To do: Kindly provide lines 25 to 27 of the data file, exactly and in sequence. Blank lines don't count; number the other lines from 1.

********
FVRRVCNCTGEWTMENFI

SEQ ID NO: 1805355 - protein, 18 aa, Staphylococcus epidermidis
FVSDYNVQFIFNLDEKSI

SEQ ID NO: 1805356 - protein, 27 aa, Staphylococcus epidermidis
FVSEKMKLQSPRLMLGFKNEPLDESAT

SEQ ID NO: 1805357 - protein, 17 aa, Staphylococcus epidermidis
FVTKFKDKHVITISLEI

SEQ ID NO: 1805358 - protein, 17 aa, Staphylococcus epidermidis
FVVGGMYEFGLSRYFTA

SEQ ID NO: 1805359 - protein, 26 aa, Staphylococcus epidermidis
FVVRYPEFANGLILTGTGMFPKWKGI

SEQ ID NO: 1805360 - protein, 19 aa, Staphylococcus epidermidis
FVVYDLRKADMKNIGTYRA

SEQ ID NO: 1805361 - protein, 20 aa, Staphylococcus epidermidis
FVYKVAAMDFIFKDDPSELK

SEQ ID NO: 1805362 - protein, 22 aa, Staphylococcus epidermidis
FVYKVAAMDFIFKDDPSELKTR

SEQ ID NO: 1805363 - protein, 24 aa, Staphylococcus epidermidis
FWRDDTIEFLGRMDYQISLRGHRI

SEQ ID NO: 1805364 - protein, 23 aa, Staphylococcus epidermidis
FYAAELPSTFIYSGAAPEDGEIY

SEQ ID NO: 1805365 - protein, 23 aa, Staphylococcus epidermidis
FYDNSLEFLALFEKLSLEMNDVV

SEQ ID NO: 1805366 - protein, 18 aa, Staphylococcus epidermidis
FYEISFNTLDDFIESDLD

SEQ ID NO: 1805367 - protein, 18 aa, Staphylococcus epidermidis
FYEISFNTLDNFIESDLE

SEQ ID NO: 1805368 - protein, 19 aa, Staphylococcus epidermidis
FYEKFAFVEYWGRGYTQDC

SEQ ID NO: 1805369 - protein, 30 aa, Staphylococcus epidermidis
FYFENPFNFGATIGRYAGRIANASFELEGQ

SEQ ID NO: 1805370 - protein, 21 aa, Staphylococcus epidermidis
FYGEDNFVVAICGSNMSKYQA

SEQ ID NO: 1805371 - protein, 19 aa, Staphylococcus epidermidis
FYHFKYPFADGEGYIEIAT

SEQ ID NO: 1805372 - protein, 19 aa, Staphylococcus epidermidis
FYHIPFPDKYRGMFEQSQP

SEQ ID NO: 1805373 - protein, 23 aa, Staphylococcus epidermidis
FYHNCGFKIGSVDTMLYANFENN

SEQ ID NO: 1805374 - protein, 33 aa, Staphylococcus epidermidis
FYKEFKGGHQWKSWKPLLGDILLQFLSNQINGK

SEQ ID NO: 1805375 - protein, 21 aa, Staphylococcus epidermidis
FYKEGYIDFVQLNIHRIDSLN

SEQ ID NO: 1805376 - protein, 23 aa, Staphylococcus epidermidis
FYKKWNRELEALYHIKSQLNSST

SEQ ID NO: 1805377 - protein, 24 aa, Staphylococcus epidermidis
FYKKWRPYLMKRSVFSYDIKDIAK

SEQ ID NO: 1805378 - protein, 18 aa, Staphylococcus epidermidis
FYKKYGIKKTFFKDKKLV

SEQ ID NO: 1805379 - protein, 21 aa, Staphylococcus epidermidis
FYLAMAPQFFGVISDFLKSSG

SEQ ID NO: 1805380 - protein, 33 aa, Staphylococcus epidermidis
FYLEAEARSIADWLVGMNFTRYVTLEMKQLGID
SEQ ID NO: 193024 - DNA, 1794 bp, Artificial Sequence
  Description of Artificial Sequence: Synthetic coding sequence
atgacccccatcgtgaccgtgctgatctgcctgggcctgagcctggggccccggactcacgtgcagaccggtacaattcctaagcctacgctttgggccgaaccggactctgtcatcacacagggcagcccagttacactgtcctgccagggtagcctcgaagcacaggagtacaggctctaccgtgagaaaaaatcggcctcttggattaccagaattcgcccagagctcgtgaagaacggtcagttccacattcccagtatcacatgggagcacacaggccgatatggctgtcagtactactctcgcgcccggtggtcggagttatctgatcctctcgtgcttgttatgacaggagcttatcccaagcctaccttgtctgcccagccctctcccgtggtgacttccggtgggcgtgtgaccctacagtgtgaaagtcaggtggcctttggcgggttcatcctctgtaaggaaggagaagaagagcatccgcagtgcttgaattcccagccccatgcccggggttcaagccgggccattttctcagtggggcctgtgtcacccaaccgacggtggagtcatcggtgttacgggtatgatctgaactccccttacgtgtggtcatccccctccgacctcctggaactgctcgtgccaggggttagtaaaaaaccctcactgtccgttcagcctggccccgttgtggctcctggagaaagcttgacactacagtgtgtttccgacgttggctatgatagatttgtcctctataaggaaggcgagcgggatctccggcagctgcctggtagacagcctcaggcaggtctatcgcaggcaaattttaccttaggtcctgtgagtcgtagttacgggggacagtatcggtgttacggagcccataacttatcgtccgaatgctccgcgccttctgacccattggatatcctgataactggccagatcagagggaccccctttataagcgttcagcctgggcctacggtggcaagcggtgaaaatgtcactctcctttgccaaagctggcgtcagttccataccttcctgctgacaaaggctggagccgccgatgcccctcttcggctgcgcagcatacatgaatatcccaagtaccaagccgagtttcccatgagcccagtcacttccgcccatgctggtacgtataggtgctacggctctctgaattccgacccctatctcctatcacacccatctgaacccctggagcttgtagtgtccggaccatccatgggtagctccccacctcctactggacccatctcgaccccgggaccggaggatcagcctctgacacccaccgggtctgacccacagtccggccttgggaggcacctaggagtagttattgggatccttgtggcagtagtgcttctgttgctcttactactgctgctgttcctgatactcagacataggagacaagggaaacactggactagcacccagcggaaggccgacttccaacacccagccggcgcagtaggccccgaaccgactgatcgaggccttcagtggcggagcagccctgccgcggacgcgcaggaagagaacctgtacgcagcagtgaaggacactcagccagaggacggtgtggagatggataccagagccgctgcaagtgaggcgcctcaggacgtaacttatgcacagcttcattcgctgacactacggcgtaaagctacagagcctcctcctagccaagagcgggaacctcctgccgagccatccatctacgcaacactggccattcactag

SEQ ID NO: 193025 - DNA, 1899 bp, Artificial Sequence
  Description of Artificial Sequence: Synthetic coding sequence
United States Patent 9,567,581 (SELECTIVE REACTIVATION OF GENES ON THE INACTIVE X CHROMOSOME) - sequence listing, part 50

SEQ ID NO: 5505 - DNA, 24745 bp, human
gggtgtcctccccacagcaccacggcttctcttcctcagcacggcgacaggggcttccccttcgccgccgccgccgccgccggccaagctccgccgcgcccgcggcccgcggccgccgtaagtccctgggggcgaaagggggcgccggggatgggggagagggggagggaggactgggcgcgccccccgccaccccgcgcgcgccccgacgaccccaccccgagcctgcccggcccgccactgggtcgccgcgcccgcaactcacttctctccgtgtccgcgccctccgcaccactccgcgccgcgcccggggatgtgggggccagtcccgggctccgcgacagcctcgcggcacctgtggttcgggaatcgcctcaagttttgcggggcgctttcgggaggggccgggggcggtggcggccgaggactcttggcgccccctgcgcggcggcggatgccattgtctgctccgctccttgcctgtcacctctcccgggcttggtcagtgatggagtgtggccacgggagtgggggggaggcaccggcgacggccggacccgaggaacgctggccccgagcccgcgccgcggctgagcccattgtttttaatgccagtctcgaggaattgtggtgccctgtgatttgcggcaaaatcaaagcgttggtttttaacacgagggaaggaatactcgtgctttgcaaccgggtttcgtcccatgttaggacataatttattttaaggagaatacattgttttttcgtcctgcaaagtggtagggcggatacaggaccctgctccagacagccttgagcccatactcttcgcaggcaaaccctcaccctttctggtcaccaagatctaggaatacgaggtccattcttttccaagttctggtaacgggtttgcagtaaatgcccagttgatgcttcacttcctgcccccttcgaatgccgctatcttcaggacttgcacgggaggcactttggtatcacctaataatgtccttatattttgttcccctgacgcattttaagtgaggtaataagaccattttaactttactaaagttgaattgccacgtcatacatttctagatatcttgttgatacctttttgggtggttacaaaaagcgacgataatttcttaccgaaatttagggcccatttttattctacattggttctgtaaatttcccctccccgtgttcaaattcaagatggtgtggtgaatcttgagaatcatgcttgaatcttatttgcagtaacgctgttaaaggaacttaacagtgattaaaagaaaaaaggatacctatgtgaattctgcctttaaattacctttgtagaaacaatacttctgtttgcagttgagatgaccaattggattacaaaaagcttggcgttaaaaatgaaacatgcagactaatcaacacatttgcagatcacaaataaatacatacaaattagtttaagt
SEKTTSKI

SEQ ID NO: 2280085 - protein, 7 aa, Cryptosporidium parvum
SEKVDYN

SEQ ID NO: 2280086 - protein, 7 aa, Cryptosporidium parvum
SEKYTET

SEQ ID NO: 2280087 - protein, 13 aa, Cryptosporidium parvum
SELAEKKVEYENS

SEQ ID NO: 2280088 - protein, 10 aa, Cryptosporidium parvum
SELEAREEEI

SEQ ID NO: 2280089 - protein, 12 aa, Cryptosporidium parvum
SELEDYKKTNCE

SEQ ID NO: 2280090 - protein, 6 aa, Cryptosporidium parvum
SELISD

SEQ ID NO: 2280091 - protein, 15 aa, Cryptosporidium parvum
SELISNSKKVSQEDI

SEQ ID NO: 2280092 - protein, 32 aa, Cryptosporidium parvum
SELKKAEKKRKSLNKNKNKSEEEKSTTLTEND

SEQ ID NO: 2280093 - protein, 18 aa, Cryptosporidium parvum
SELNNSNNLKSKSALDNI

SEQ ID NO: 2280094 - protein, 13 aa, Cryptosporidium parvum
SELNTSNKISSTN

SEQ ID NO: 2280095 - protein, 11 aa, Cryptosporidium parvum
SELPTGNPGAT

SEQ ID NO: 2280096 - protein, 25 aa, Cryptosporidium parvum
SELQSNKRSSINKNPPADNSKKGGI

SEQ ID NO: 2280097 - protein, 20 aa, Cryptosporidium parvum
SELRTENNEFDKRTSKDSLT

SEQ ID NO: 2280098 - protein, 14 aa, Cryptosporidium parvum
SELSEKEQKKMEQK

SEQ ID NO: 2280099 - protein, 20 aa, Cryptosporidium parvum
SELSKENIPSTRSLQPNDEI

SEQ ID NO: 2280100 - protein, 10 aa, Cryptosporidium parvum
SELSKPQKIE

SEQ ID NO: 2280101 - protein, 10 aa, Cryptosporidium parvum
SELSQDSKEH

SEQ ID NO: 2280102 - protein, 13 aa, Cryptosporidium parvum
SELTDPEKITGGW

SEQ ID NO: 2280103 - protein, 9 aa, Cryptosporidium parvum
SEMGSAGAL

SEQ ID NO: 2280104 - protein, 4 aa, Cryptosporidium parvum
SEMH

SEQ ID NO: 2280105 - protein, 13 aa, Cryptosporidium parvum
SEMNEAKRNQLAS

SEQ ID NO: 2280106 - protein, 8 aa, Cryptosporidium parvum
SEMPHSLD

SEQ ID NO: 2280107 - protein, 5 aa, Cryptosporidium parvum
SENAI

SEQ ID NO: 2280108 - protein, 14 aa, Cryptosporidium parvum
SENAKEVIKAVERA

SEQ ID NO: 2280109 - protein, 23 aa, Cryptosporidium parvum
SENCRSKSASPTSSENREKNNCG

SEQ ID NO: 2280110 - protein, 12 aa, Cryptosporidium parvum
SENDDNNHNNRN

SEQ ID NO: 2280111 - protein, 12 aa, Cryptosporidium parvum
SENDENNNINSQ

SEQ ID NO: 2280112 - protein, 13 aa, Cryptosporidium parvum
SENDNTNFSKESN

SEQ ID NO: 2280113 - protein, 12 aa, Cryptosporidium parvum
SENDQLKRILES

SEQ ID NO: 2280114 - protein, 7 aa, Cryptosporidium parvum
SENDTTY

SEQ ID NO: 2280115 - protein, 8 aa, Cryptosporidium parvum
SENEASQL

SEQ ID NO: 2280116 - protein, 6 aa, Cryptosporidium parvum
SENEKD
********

FYEISFNTLDDFIESDLD

SEQ ID NO: 1805367 - protein, 18 aa, Staphylococcus epidermidis
FYEISFNTLDNFIESDLE